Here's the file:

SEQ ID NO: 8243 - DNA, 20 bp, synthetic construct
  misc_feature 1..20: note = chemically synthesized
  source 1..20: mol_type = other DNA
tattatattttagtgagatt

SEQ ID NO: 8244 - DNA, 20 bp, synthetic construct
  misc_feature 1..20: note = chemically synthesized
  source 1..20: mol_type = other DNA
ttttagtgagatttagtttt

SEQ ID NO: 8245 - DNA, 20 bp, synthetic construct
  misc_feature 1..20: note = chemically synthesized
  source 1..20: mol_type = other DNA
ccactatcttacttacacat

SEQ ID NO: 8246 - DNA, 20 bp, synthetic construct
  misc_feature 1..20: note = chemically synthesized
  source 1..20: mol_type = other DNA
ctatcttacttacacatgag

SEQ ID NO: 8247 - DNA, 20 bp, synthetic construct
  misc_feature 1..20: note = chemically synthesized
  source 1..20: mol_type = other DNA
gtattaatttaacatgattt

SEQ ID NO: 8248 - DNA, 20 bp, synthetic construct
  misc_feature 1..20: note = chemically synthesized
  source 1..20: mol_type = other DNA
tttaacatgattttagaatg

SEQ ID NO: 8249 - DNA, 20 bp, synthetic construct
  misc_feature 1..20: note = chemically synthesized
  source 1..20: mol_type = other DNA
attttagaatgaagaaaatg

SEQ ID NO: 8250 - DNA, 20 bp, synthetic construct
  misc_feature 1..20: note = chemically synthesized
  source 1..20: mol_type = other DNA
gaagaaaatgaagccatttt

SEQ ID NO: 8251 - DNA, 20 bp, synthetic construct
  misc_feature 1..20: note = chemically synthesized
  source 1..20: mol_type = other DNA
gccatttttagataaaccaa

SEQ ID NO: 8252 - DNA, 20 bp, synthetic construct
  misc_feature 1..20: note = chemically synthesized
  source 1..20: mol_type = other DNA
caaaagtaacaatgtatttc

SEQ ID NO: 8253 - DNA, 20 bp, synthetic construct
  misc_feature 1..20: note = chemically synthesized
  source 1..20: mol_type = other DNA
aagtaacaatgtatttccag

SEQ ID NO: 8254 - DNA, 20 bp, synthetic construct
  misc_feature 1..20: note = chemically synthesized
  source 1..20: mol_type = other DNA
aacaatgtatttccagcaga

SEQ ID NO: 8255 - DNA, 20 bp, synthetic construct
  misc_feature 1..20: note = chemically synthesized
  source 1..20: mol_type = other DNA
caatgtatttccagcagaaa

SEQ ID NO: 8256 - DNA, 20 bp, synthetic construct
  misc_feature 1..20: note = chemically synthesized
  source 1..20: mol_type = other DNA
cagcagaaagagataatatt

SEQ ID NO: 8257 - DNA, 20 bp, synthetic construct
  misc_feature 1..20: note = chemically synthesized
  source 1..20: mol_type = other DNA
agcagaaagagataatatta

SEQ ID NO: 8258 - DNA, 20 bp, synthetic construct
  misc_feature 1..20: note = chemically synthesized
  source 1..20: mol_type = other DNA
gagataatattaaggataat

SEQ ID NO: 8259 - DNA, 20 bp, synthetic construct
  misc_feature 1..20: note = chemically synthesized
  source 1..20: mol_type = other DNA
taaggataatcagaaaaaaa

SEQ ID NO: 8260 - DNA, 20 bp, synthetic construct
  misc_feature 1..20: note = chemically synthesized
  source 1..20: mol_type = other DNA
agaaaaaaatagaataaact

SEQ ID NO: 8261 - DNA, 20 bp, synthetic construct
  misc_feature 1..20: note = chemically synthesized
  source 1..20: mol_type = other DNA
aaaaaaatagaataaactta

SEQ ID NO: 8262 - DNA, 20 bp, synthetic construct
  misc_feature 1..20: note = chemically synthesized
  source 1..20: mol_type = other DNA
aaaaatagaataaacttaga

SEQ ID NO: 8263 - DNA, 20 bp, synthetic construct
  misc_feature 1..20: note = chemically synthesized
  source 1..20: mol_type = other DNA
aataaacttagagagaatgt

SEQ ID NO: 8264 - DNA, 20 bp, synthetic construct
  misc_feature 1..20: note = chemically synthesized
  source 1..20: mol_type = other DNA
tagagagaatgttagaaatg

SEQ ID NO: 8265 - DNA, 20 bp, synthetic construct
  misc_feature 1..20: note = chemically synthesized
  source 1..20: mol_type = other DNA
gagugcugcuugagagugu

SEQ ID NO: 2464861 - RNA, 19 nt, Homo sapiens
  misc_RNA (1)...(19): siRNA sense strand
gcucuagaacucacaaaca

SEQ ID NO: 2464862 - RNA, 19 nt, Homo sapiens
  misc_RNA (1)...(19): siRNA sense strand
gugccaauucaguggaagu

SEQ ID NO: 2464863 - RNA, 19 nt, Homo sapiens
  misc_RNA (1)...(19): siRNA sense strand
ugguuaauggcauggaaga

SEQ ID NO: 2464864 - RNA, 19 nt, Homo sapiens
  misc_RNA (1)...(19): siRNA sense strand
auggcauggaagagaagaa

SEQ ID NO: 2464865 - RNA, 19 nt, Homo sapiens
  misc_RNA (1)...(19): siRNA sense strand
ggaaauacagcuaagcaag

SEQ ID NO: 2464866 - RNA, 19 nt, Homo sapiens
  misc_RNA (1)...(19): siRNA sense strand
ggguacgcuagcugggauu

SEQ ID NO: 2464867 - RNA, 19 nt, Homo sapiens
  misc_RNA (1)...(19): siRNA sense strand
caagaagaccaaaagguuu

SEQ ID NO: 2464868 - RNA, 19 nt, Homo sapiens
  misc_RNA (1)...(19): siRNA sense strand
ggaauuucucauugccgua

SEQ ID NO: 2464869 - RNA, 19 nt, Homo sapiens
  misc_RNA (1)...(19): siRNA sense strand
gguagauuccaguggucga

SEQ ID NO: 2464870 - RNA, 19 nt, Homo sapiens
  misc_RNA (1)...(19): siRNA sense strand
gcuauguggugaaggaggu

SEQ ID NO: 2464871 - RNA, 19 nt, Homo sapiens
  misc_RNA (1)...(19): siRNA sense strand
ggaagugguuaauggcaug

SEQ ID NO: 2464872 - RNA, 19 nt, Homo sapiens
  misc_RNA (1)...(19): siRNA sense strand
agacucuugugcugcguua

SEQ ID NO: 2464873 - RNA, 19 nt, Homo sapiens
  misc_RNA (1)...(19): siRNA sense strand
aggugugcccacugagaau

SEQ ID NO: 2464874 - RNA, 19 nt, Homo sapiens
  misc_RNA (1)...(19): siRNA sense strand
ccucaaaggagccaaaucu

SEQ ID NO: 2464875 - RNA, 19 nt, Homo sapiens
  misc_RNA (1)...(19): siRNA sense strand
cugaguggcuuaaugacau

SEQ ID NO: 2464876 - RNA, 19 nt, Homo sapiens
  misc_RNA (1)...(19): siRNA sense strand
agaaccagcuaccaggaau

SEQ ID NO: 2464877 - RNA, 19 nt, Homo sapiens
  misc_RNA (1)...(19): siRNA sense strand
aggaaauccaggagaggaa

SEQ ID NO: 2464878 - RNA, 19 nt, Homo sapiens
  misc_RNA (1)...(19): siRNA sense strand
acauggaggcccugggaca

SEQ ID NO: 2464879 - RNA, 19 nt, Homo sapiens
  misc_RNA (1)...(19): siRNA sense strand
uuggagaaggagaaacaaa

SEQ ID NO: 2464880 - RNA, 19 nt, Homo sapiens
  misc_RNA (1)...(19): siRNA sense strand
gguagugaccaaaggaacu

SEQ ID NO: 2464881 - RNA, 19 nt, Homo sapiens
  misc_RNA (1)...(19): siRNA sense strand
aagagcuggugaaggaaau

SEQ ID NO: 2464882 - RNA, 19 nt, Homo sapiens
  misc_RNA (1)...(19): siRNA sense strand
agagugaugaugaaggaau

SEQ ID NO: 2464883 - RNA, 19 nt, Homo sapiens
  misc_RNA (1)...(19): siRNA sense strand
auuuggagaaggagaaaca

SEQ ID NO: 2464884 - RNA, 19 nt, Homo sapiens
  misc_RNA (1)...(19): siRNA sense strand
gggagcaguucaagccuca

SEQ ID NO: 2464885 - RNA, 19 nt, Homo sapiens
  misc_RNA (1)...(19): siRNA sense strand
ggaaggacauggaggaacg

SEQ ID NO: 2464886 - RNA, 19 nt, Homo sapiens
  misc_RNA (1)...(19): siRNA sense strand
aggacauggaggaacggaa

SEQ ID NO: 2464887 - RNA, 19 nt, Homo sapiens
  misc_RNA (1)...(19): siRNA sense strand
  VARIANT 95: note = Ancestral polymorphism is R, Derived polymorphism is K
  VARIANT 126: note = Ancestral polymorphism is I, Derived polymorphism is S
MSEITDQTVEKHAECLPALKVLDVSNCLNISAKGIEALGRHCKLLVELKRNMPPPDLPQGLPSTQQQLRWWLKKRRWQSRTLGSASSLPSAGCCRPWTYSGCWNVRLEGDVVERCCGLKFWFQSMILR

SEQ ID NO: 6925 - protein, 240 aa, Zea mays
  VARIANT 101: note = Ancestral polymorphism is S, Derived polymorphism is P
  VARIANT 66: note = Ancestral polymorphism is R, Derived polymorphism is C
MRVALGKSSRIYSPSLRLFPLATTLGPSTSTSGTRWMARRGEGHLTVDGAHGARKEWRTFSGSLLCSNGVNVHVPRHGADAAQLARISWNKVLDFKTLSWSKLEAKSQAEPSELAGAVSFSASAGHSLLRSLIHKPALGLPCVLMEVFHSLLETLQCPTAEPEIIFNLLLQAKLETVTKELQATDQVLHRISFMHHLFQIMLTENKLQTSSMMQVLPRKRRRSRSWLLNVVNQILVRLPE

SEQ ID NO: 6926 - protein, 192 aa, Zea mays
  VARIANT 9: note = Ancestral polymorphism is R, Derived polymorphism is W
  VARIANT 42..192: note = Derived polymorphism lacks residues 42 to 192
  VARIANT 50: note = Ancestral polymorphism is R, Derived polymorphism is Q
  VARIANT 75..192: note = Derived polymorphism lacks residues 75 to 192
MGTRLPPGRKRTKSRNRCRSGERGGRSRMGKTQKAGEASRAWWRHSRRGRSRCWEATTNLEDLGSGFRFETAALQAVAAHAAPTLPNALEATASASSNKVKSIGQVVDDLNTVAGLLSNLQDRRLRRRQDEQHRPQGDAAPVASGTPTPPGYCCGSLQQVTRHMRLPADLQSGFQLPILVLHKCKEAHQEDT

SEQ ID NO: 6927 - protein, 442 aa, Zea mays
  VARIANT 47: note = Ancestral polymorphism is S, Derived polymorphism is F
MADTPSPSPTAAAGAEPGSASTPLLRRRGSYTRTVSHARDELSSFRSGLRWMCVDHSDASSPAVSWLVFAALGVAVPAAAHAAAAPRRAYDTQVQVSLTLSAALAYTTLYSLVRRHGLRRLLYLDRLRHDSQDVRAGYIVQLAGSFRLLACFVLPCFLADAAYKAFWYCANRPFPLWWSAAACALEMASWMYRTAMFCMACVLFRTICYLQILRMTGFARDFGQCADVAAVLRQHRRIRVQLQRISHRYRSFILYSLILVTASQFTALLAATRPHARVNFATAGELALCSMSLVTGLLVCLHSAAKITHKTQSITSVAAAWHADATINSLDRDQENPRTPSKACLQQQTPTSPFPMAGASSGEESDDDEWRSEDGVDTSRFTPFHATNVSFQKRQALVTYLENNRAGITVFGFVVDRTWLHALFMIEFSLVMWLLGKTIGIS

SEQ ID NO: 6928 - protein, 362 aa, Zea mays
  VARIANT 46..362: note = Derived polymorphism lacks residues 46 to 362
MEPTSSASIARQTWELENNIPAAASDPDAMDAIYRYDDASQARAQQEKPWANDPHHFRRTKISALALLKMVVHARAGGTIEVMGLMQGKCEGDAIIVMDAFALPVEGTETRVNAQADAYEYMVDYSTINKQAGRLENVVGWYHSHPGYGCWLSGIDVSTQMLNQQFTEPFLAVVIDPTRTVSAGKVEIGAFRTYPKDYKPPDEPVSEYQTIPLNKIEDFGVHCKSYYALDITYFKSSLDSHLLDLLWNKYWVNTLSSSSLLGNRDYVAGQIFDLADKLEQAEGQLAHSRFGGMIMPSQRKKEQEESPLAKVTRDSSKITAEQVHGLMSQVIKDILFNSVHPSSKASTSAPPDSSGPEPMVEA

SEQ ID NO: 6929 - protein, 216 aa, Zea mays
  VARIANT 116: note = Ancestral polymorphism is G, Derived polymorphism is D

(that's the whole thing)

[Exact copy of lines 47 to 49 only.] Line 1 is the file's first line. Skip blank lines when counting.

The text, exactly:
  source 1..20: mol_type = other DNA
aacaatgtatttccagcaga

SEQ ID NO: 8255 - DNA, 20 bp, synthetic construct